Between 1893 and 1901, the Parisian traiteur Potel et Chabot catered a series of gala meals celebrating the recent Franco-Russian alliance, which was heralded in France as ending its diplomatic isolation following the Franco-Prussian War. The firm was well adapted to the particularities of the unlikely alliance between Tsarist Russia and republican France. On the one hand, it represented a tradition of French luxury production, including haute cuisine, that the Third Republic was eager to promote. On the other, echoing the Republic’s championing of scientific and technological progress, it relied on innovative transportation and food conservation technologies, which it deployed spectacularly during a 1900 banquet for over twenty-two thousand French mayors, a modern “mega-event.” Culinary discourse therefore signaled, and palliated concerns about, the improbable nature of the alliance at the same time as it revealed important changes taking place in the catering profession.

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“Sad Era, Villainous Affair“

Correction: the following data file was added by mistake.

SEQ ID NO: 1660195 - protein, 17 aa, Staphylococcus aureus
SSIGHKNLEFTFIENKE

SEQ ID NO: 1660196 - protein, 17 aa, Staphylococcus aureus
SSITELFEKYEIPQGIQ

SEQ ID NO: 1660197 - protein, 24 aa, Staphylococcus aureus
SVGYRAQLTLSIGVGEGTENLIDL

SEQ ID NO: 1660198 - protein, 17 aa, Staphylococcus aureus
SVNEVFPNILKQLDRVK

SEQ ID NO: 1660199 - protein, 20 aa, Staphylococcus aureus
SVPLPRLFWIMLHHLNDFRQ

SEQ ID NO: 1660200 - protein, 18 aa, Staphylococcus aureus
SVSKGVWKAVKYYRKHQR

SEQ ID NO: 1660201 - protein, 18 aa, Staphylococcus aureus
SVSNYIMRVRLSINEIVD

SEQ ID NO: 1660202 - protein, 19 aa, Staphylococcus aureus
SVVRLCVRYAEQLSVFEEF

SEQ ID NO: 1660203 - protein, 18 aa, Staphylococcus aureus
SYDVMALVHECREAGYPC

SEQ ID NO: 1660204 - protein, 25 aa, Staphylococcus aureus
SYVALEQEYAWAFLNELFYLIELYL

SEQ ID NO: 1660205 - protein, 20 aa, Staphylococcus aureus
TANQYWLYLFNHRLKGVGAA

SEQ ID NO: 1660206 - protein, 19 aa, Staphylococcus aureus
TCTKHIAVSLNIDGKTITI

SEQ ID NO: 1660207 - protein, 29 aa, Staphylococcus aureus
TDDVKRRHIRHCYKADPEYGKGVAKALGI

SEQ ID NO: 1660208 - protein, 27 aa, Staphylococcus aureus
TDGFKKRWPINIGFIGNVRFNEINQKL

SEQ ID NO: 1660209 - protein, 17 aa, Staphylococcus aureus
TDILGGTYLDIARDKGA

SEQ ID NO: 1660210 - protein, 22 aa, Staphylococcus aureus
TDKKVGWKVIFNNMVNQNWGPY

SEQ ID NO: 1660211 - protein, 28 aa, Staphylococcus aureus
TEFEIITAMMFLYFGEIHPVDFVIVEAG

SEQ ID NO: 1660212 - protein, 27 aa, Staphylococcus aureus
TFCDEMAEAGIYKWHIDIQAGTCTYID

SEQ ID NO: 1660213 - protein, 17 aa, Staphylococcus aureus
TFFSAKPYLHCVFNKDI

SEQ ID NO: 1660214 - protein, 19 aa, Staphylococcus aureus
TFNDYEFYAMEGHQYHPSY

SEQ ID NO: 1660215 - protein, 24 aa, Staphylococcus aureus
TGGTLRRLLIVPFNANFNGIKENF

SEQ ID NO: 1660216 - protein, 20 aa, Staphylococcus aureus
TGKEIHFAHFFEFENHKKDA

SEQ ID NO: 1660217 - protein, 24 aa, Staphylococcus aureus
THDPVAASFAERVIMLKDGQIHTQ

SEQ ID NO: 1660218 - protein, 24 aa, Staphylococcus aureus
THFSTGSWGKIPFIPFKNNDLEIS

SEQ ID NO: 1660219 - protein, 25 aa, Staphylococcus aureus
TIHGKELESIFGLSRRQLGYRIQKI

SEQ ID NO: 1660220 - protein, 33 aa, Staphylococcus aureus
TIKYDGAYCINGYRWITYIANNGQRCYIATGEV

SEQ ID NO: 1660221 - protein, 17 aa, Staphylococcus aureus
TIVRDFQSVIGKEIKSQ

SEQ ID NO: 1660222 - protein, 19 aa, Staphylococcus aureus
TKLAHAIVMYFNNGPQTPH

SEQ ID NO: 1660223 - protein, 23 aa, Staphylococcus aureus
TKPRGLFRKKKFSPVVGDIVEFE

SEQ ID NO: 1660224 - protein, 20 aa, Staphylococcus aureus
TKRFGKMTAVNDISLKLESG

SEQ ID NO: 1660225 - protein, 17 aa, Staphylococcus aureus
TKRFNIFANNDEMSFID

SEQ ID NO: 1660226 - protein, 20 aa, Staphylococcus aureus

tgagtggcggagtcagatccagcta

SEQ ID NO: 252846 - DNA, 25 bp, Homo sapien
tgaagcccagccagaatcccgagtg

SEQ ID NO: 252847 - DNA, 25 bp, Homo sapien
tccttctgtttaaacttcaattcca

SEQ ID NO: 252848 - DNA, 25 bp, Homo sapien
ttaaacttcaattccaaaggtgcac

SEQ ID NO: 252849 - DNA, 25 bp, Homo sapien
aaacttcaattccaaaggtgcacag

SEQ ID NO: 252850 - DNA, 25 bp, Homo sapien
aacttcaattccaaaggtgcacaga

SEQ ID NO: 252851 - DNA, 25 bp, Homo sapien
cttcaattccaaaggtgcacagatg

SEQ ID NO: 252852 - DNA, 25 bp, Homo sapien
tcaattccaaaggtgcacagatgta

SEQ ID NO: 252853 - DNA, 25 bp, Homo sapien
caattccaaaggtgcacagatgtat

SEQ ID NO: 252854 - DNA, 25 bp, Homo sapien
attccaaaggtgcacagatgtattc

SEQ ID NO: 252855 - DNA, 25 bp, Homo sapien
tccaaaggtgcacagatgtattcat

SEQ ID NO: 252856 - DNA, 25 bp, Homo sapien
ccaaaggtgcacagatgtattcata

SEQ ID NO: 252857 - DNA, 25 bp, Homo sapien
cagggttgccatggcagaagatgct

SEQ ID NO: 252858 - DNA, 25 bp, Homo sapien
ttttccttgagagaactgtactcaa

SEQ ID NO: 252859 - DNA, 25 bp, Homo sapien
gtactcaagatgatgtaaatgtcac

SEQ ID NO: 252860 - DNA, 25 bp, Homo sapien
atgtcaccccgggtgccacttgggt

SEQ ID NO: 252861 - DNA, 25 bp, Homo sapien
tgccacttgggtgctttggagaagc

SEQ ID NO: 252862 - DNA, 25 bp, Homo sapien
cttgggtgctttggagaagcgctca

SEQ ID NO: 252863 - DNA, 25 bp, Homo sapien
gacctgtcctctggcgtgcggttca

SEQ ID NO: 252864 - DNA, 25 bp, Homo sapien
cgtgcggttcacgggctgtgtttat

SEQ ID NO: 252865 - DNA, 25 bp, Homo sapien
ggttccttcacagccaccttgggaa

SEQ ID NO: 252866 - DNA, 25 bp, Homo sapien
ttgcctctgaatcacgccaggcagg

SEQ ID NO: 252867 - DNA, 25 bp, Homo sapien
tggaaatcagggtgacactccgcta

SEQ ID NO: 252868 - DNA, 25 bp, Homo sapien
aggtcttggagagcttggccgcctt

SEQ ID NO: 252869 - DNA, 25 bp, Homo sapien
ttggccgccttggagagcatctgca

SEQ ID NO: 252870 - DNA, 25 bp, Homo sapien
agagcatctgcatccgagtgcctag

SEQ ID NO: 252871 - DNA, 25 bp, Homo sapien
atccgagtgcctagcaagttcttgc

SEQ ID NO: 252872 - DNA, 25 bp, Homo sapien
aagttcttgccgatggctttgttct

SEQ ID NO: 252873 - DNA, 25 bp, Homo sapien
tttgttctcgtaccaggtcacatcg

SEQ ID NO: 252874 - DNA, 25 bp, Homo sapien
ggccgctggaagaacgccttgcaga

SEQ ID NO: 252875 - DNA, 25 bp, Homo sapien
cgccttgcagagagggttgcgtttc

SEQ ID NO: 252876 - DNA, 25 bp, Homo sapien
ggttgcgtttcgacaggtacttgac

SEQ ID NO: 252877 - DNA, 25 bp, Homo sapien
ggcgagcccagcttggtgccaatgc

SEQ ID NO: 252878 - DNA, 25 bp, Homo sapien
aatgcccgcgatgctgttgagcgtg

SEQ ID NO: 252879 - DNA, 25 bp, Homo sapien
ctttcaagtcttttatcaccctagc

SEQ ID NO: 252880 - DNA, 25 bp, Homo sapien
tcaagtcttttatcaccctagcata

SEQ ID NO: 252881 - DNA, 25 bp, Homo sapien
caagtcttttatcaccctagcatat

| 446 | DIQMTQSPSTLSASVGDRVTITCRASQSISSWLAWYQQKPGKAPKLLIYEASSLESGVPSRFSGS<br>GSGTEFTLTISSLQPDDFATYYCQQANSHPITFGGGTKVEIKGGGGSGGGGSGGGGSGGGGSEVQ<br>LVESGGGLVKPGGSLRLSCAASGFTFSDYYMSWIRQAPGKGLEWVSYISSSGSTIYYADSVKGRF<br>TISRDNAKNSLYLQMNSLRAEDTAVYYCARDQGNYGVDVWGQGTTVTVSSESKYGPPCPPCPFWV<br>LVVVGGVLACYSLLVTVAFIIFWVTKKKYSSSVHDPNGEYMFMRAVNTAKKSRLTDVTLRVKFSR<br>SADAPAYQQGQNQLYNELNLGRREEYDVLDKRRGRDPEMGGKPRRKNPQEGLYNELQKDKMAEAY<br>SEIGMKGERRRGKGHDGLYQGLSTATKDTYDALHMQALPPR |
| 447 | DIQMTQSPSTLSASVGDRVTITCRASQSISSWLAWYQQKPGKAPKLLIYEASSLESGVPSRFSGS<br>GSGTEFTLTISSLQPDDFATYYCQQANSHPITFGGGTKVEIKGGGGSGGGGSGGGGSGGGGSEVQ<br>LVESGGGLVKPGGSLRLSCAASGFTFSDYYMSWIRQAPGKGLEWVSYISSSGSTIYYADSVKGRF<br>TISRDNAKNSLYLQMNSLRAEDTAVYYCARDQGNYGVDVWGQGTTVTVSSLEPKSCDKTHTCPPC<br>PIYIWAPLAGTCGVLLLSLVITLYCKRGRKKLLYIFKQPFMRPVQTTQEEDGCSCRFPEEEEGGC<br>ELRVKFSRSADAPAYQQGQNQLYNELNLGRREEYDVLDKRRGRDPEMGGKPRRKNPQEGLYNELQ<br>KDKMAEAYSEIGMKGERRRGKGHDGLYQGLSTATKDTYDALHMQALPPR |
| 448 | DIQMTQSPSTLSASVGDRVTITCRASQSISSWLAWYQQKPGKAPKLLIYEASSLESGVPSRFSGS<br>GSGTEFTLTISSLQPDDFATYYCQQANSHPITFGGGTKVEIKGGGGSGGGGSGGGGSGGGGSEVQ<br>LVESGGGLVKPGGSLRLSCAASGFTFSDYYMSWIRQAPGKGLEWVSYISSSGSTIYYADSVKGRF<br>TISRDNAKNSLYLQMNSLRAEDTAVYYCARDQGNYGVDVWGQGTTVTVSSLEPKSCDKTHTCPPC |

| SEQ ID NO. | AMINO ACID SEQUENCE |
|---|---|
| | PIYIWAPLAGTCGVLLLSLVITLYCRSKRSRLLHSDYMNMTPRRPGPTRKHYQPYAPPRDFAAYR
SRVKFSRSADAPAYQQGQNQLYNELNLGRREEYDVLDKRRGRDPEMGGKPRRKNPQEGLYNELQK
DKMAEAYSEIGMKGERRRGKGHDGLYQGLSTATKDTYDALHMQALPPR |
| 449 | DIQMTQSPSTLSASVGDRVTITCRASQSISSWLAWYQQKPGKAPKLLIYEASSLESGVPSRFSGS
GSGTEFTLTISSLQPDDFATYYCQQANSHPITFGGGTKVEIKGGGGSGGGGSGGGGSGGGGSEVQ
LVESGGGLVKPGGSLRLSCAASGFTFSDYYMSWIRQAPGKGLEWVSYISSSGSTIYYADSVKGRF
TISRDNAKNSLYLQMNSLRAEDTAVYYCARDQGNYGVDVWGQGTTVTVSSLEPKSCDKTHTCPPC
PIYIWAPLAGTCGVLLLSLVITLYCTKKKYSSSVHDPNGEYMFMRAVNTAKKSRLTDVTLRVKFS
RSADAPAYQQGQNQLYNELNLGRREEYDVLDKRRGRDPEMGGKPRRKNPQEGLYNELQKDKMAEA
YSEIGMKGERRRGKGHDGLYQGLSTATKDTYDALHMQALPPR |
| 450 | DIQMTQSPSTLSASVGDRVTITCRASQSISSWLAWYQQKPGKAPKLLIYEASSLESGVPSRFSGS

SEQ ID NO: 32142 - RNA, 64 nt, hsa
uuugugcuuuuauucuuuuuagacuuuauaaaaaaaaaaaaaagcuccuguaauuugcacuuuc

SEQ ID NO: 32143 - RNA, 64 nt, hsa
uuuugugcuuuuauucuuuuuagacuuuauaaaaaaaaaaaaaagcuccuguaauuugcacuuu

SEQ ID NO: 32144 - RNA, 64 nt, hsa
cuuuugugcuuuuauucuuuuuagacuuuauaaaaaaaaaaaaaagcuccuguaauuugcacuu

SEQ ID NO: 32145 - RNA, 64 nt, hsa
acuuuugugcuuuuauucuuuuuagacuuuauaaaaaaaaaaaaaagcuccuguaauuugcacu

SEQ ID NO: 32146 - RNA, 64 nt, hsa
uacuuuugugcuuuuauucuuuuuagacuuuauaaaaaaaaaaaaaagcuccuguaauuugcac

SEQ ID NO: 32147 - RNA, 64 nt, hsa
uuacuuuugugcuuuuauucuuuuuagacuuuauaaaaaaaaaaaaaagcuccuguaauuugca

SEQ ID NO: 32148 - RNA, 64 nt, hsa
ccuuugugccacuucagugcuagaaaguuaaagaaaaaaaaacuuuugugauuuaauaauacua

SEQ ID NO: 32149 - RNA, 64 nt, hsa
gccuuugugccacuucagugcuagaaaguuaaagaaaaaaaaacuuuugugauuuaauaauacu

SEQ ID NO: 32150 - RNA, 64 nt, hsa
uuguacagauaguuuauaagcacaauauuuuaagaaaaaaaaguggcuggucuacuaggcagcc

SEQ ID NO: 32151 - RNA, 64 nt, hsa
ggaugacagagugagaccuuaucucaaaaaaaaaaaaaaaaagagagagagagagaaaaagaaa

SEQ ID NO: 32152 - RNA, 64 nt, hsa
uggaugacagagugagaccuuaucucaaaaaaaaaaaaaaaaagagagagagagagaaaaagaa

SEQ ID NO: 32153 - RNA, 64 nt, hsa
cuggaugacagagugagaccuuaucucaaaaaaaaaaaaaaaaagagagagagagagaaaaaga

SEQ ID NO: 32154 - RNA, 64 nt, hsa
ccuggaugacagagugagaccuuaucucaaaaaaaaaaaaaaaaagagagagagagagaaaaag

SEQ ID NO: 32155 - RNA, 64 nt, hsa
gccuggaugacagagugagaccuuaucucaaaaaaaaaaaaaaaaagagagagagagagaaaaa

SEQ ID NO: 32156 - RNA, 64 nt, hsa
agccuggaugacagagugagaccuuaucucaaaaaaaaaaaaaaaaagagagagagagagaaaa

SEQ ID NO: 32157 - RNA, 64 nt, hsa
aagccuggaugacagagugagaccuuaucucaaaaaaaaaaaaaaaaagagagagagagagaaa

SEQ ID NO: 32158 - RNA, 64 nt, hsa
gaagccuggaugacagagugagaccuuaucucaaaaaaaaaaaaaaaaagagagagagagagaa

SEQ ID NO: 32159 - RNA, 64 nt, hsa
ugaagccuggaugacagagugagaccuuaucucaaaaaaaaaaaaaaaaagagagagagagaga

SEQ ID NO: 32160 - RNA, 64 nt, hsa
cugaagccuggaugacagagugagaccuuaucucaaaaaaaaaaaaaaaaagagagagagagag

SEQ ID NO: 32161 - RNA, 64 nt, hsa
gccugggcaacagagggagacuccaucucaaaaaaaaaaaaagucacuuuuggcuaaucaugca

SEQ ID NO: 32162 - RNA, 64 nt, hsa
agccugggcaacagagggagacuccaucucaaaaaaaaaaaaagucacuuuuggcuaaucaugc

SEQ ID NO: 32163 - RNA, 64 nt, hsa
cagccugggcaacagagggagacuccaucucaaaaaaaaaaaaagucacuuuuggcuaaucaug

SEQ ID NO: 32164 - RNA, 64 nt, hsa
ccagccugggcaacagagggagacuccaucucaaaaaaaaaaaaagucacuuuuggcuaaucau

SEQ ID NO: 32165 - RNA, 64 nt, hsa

The Dreyfus Affair in the Notebooks of Henri Vever

Willa Z. Silverman

This article analyzes representations of the Dreyfus Affair in the private diaries written between 1898 and 1901 by Henri Vever, a prominent Art Nouveau jeweler, art collector, and small-town mayor. The important place accorded the Affair in these “ordinary writings“ by an individual with no direct engagement in it offers an opportunity to assess how historical events become enmeshed with private life, mentalités, and sociability. Further, Vever's notebooks reveal position taking during the Affair as a complex phenomenon, in Vever's case influenced by circumstances encompassing his identity as both a native of Lorraine, marked by France's defeat in 1870, and a Republican notable and Parisian businessman. While Vever's notebooks corroborate some standard themes of Dreyfus Affair historiography, including the importance of the press and the eclipsing of the Affair by the 1900 World's Fair, they also nuance the idea of a rigid ideological division between Dreyfusards and anti-Dreyfusards.